Toyota announces plan to end launch of second all-electric car

The Toyota Corporation has now announced that electric vehicles (EVs) don’t make financial sense at this point. Toyota Vice Chair Takeshi Uchiyamada, also head of Toyota Research and Development, announced in Japan that the company was ending plans for a volume launch of its second all-electric car, the eQ. Uchiyamada said that Toyota hopes for only 2,600 sales worldwide of its other EV, a RAV4 version, over the next three years.

“The current capabilities of electric vehicles do not meet society’s needs, whether it may be the distance the cars can run, or the costs or how it takes a long time to charge,” said Uchiyamada, who spearheaded Toyota’s development of the Prius hybrid in the 1990s.

Toyota also has just begun a new advertising campaign for its Prius family of hybrids in the United States, showing them traversing a pristine landscape and emphasizing that there’s a right Prius for everyone. And as Forbes Magazine noted, “By implication, a right EV for just about no one.”

In August 2009, President Barack Obama went to Elkhart County, Ind., to announce $2.4 billion in grants “to develop the next generation of fuel-efficient cars and trucks powered by the next generation of batteries.”

A major argument for the EV was the reduction of emissions, especially the greenhouse gas carbon dioxide. It’s worth comparing the emissions from the three major automobile types: standard internal combustion engine vehicles (ICEs), hybrids like the Prius and Ford Fusion and the zero emission all electrics (EVs).

We’ll assume 12,000 miles per year with a mix of winter and summer city and highway driving. Today’s average ICE car and light truck will consume about 550-600 gasoline gallons per year, and emit 11,000 pounds. (5.5 tons of carbon dioxide or nine-tenths pound of carbon dioxide per mile.)

Hybrids are averaging a little more than  twice the mpg of ICEs, so their emissions average 5,000 pounds per year, or four-tenths a pound of carbon dioxide per mile.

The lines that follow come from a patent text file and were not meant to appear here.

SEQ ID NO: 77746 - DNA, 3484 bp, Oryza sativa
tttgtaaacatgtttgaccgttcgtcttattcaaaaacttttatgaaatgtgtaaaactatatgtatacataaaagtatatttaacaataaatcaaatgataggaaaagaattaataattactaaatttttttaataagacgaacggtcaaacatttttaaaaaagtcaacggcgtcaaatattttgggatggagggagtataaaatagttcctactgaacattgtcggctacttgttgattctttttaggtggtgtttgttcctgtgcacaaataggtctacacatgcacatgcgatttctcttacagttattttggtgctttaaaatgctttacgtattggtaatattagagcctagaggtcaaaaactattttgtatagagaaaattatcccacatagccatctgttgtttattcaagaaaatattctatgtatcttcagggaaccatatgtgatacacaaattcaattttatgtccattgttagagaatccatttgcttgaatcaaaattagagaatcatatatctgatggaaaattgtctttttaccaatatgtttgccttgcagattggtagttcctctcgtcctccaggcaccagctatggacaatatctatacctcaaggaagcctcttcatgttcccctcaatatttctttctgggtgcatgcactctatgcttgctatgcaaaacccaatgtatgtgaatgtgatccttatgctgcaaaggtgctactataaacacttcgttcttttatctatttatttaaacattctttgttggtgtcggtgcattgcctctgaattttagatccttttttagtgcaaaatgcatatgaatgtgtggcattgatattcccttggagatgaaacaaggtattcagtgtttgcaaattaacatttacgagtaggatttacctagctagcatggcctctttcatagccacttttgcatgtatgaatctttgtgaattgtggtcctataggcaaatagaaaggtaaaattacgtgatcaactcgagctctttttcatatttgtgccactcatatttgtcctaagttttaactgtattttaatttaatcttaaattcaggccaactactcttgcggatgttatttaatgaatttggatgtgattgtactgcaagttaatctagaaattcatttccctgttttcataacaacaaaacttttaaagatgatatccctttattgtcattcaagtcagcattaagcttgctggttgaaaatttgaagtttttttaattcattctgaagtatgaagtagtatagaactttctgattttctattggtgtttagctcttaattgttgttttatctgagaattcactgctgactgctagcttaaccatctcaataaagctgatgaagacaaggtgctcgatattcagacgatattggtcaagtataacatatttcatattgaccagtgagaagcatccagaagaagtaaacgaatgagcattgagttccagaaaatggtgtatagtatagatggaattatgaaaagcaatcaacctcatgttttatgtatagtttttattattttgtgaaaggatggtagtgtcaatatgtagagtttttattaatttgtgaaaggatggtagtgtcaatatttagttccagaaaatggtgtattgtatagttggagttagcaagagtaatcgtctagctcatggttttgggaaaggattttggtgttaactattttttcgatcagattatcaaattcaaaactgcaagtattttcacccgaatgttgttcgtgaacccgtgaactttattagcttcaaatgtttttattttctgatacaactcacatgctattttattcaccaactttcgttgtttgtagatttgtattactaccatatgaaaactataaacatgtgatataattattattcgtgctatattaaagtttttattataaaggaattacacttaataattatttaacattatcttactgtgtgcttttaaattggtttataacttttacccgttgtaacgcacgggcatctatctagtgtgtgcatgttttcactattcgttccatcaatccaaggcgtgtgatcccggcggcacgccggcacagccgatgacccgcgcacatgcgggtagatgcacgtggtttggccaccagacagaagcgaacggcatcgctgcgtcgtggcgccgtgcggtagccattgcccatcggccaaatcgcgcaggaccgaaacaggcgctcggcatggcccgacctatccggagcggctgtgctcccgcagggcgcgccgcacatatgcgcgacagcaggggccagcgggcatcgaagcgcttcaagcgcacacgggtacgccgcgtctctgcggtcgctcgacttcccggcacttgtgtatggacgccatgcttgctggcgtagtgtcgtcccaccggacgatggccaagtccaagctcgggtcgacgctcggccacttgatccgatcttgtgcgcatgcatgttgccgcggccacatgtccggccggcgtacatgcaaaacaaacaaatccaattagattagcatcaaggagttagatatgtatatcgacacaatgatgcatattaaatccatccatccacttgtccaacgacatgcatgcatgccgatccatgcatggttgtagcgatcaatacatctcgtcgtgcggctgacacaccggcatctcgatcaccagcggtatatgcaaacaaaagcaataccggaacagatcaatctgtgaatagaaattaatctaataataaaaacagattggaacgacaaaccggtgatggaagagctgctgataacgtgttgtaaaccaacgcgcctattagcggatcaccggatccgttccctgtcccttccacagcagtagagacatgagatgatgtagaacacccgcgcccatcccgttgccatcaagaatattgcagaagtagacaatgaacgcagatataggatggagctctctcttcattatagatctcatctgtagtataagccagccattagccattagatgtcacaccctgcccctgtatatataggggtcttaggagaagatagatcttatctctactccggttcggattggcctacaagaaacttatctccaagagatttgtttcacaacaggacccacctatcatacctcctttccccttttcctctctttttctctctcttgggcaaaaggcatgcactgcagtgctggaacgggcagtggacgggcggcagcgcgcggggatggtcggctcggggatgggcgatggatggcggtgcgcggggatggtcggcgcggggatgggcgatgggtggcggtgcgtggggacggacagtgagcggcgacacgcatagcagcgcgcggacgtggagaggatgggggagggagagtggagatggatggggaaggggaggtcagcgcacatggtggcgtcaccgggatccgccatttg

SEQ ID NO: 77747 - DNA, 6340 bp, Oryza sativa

The EVs don’t emit while running, but they transfer the emissions to the power plants that provide the electrons, which charged their batteries. If the electron source is from non-emitting sources like nuclear, wind, hydro and solar, the EVs can be considered near-zero emission. But those clean sources currently provide just 30 percent of U.S. electric power demand.

The Department of Energy figures tell us that the overall mix of the U.S. grid emits 1.4 pounds of carbon dioxide per kilowatt hour delivered. Under all conditions with radio and air conditioning, EVs get about 3-3.5 miles per kilowatt hour. This equates to four-tenths a pound of carbon dioxide per mile. So driving an EV results in similar carbon dioxide emissions as driving a hybrid and a saving of about half the emissions from driving the conventional ICE.

Government-supported research has been important in developing the early growth of many of our major industries, including computers, aircraft, the Internet, nuclear power, renewable energy, pharmaceuticals, etc. In my opinion, the problem occurs with premature large scale implementation such as the Solyndra solar or Range Fuels cellulose biofuels, or efforts like $465 million for the Tesla Model S EV, billion dollar solar and wind farms and $2.4 billion in stimulus funding for unproven electric cars.

Public policy shines best in support of new technology and basic energy research, but its glow dims when it tries to force large-scale implementation of unproven processes with uncertain markets.